“The Amazon Simple Storage Service (S3) team was debugging an issue causing the S3 billing system to progress more slowly than expected. At 9:37AM PST, an authorized S3 team member using an established playbook executed a command which was intended to remove a small number of servers for one of the S3 subsystems that is used by the S3 billing process. Unfortunately, one of the inputs to the command was entered incorrectly and a larger set of servers was removed than intended. The servers that were inadvertently removed supported two other S3 subsystems.”
Amazon’s announcement continues with more details on the chain reaction that ensued from the simple input error. But what most assumed was a software bug as the reason for the chaos, instead learned that during the well intended debugging process, a “human bug” lay waiting. All of us are understandably familar (sp.) with that one.
And as ZDNet points out: History is littered with typo miscues that led to major tech outages, mix ups and lots of losses. This includes a missing hyphen in speed and trajectory coding that lead to the 1962 explosion of NASA’s Venus Rocket which was estimated to be an $80 million loss (over half a billion in today’s dollars) and a lots of unfortunate poor PR for NASA. On that particular mistake, 2001: A Space Odyssey writer Arthur C. Clarke called it “The most expensive hyphen in history”.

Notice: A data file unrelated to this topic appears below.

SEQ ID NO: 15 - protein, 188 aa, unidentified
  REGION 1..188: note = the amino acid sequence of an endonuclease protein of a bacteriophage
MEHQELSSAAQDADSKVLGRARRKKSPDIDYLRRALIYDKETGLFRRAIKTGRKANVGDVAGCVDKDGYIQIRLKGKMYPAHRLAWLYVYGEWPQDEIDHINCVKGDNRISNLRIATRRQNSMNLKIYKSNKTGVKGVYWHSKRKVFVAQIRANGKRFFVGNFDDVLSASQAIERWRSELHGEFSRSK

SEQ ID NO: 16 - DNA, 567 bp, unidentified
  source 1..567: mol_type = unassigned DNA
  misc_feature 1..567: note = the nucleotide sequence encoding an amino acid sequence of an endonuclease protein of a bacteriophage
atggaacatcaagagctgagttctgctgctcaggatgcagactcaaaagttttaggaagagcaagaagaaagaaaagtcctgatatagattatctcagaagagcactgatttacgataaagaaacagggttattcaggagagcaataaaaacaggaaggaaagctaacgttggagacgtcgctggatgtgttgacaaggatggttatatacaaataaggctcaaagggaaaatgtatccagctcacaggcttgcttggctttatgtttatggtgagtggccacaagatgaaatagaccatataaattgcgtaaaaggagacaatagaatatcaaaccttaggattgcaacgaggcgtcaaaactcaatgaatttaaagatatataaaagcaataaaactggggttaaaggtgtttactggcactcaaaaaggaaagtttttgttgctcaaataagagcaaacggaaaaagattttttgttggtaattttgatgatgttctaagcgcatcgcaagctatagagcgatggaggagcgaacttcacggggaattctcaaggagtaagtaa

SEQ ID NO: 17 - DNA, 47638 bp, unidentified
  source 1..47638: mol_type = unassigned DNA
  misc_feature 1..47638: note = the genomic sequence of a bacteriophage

The true dollar loss to AWS and its affected customers, including major publisher and government sites, is unknown. But Amazon will undoubtedly make important changes to their S3 Services, including recovery times of the S3 subsystems, and likely not see a significant drop in their customer base. They are far too much of a major player in the global cloud infrastructure to let a typo be an actual industry changer.